The craft would then set sail for the coast, taking scientific measurements on the way.
Astrophysicist Adam Frank’s new book mixes cosmology with humanity. How does our understanding of the universe and cosmic time inform our daily lives? Especially if time is an illusion?
The “rebels” who fight the Big Bang theory are mostly attempting to grapple with the concept of time. They are philosophers as much as cosmologists, unsatisfied with the Big Bang, unimpressed with string theory and unconvinced of the multiverse. Julian Barbour, British physicist, author, and major proponent of the idea of timeless physics, is one of those rebels–so thoroughly a rebel that he has spurned the world of academics.
Julian Barbour’s solution to the problem of time in physics and cosmology is as simply stated as it is radical: there is no such thing as time.
“If you try to get your hands on time, it’s always slipping through your fingers,” says Barbour. “People are sure time is there, but they can’t get hold of it. My feeling is that they can’t get hold of it because it isn’t there at all.” Barbour speaks with a disarming English charm that belies an iron resolve and confidence in his science. His extreme perspective comes from years of looking into the heart of both classical and quantum physics. Isaac Newton thought of time as a river flowing at the same rate everywhere. Einstein changed this picture by unifying space and time into a single 4-D entity. But even Einstein failed to challenge the concept of time as a measure of change. In Barbour’s view, the question must be turned on its head. It is change that provides the illusion of time. Channeling the ghost of Parmenides, Barbour sees each individual moment as a whole, complete and existing in its own right. He calls these moments “Nows.”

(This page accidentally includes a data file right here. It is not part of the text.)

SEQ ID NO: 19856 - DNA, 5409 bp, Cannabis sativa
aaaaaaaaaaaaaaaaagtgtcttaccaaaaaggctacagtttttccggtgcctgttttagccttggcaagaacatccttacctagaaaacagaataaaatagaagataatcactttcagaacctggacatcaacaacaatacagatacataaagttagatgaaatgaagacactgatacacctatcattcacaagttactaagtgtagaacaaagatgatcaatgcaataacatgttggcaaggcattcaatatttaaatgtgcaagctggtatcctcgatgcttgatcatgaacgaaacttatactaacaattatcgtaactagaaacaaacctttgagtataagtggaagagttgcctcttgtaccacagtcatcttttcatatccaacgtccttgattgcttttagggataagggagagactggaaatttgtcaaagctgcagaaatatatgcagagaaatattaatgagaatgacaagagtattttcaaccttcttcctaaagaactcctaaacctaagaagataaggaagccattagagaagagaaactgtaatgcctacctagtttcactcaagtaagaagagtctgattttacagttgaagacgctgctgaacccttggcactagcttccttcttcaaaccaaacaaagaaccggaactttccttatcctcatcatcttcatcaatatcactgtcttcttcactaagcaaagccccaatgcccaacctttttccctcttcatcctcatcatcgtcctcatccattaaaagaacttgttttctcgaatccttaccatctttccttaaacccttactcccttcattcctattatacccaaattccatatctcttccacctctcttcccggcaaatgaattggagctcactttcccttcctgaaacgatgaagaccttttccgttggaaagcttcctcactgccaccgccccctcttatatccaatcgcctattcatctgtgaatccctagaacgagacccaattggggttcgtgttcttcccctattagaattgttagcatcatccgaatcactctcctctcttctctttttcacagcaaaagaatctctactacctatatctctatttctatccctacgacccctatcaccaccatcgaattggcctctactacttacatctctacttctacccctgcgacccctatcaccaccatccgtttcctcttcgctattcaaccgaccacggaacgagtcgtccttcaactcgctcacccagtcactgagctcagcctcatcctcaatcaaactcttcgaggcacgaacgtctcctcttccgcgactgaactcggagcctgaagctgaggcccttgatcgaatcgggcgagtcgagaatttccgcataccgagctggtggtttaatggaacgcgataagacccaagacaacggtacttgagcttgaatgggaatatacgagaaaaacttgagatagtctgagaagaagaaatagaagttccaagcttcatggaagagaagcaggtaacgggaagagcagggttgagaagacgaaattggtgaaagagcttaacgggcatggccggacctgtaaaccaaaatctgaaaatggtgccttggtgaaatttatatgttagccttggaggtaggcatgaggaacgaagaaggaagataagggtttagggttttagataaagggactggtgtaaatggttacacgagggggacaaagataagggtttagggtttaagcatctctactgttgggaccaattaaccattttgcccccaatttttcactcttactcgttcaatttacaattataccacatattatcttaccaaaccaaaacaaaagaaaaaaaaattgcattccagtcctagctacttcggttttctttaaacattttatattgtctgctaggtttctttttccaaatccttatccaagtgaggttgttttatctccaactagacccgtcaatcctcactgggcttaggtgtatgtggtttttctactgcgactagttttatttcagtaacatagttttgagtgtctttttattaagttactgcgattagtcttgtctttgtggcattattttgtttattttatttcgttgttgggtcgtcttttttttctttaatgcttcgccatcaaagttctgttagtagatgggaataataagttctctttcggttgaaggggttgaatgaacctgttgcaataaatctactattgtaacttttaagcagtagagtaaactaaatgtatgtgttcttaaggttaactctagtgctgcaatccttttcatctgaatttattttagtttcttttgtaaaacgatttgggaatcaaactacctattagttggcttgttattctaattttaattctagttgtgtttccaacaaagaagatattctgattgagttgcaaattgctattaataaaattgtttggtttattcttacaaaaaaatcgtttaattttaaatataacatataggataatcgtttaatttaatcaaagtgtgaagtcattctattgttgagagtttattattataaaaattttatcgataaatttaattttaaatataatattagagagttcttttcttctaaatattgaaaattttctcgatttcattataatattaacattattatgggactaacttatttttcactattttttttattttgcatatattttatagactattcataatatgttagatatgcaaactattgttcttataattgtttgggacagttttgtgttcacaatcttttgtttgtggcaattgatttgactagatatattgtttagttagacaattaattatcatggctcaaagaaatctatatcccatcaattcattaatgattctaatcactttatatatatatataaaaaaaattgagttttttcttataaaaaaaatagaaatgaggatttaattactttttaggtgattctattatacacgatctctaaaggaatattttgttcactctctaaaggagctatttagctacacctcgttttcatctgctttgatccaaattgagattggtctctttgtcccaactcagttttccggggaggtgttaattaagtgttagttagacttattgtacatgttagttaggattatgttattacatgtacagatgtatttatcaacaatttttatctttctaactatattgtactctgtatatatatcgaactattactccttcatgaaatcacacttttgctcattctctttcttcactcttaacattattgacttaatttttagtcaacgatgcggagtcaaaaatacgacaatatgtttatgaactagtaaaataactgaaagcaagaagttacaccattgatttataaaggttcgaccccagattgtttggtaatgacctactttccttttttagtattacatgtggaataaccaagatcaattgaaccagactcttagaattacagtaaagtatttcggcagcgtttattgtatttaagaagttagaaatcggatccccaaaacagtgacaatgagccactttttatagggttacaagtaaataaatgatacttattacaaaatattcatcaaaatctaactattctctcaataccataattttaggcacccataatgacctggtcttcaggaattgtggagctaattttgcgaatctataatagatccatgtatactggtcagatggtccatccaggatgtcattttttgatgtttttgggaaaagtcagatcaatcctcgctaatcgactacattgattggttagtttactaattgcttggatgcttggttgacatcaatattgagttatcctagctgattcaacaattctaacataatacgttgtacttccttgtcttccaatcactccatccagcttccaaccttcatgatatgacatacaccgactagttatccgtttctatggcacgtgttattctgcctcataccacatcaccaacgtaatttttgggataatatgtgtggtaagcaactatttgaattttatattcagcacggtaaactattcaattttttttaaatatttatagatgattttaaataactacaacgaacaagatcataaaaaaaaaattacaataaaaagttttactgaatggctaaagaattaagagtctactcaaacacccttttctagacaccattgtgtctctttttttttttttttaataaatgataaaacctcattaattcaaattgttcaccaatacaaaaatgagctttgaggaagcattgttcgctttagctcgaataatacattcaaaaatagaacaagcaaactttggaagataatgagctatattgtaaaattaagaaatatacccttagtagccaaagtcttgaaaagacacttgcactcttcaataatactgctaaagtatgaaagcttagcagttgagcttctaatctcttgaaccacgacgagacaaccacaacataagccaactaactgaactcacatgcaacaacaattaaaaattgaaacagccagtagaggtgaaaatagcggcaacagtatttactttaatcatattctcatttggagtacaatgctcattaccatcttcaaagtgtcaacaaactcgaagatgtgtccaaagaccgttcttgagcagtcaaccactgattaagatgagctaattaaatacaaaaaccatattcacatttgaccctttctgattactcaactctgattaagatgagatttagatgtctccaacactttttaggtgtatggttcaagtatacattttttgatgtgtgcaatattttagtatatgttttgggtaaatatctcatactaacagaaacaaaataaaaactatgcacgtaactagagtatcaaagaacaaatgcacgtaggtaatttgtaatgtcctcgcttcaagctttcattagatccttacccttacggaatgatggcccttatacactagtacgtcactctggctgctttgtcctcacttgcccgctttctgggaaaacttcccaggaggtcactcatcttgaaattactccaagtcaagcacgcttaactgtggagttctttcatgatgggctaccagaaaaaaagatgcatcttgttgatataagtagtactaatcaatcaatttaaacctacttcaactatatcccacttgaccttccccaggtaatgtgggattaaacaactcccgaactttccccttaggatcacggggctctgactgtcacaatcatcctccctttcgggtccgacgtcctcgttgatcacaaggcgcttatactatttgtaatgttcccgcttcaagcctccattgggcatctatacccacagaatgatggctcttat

“As we live, we seem to move through a succession of Nows,” says Barbour, “and the question is, what are they?” For Barbour each Now is an arrangement of everything in the universe. “We have the strong impression that things have definite positions relative to each other. I aim to abstract away everything we cannot see (directly or indirectly) and simply keep this idea of many different things coexisting at once. There are simply the Nows, nothing more, nothing less.”
The drive by NASA’s Mars rover Curiosity during the mission’s 43rd Martian day, or sol, (Sept. 19, 2012) ended with this rock about 8 feet (2.5 meters) in front of the rover. The rock is about 10 inches (25 centimeters) tall and 16 inches (40 centimeters) wide. The rover team has assessed it as a suitable target for the first use of Curiosity’s contact instruments on a rock. The image was taken by the left Navigation camera (Navcam) at the end of the drive.